Saxon Warrior

Bay201516.1 hh (1.64m)
Distance won over: 1600m.
Deep Impact - Maybe
Fee for 2020: $17,600

Unbeaten Group 1 winner at 2 and a brilliant Guineas winner at 3

  • By Japanese super-sire DEEP IMPACT
  • Out of unbeaten European Champion 2YO Filly MAYBE (by GALILEO)
  • His second dam is the Listed winner SUMORA (by DANEHILL), herself a three-parts sister to Oaks winner DANCING RAIN
  • From the same sire line and dam line as PIERRO, the best young sire in Australia.

"Saxon Warrior is a very impressive horse physically. He’s got great form at 2 and 3 and I think he’s definitely the type that should suit Australian racing conditions." Mike O’Donnell, Fairhill Farm

“I loved Saxon Warrior on paper, he’s got impeccable credentials as a sire prospect. After seeing him at the stallion parades I like him even more, he is an outstanding type.” - Adrian Hancock, bloodstock agent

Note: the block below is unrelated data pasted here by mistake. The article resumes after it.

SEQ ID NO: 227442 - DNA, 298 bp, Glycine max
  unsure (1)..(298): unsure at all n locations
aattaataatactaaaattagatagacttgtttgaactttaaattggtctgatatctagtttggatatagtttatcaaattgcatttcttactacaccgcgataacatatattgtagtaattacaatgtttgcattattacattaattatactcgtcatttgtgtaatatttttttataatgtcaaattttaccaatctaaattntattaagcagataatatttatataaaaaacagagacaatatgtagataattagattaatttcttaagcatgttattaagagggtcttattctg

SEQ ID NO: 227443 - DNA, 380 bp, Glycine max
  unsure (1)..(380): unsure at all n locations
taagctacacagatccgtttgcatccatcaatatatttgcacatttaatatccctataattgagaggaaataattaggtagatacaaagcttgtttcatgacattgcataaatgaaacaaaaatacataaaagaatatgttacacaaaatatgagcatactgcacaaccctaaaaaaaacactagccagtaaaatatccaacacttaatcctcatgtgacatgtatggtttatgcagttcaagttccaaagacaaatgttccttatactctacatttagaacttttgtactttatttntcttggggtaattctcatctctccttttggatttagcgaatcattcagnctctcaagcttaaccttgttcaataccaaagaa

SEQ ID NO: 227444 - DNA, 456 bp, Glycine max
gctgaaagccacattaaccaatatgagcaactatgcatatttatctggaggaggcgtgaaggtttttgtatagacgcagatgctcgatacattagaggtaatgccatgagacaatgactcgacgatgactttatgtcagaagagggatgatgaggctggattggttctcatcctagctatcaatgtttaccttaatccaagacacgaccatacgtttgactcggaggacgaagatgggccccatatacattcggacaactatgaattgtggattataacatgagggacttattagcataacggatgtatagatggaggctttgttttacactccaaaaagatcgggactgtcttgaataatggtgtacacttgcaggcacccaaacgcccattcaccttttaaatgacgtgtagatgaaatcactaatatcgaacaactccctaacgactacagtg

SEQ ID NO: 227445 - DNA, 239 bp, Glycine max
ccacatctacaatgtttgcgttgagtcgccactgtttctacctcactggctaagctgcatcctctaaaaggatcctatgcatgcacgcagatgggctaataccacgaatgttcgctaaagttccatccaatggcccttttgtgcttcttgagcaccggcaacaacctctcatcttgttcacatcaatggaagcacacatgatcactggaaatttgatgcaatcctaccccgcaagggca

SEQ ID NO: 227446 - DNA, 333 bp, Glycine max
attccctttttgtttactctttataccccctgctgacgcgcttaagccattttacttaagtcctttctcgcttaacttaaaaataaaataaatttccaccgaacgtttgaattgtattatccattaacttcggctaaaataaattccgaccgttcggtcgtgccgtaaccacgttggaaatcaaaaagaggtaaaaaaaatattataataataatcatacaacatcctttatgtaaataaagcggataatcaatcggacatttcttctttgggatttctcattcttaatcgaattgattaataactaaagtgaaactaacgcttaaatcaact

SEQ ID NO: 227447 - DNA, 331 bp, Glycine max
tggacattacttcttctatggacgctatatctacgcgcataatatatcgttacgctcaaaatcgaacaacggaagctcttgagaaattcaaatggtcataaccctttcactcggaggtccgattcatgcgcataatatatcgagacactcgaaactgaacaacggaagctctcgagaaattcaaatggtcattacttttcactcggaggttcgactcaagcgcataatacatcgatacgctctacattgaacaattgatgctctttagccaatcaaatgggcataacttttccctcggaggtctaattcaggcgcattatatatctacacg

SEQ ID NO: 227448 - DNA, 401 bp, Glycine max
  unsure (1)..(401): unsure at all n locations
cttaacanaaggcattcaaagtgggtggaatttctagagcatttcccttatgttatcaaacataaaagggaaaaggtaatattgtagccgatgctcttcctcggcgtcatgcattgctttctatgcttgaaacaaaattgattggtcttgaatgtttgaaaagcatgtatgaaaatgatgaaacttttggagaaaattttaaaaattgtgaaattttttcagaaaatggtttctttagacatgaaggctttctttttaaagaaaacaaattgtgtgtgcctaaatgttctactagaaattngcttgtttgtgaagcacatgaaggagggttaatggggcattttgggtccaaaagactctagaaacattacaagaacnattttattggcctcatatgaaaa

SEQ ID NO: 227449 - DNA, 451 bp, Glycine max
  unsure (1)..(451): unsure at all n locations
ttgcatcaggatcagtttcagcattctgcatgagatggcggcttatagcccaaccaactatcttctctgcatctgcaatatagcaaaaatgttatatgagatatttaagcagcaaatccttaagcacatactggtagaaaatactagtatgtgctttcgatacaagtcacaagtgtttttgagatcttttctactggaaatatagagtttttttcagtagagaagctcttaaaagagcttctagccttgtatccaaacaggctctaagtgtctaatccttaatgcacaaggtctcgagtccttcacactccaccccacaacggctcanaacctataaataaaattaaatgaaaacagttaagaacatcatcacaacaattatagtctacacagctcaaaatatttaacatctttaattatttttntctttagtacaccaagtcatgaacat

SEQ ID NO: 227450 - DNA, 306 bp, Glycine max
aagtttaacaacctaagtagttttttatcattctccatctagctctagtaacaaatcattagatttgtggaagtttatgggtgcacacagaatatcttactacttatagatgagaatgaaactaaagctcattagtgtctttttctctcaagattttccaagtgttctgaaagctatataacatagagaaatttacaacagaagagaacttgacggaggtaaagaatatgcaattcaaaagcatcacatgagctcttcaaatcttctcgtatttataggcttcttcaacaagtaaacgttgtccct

“Saxon Warrior is an absolute belter. He is the ideal physical type for Australia and I couldn't have been more impressed when I saw him at Coolmore” - Scott Irwin, Rothwell Park

"Glenn Burrows also believes Saxon Warrior (Jpn) might get under the guard of a few people in Australia and will look to support the Coolmore freshman as well. "You look at his credentials. He was a top-class racehorse, has a speed pedigree, by Deep Impact (Jpn) and is a good-looking horse at $22,500" TDN AusNZ, 12th September 2019

"I think it only pays an enormous compliment to Saxon Warrior, who beat us a neck in the Racing Post Trophy at ‘Donny’ and was imperious in the Guineas" - John Gosden following Roaring Lion’s Dante Stakes success

"maintained his unbeaten record in determined style in the influential G1 Racing Post Trophy, despite being intimidated by the hanging Roaring Lion" - Andrew Caulfield, TDN

"Saxon Warrior gave Donnacha O’Brien a first Classic success with an imperious display in the Qipco 2000 Guineas at Newmarket. Maintaining his unbeaten record, the Deep Impact colt had reportedly strengthened up over the winter and duly cruised to the front over a furlong out." Irish Times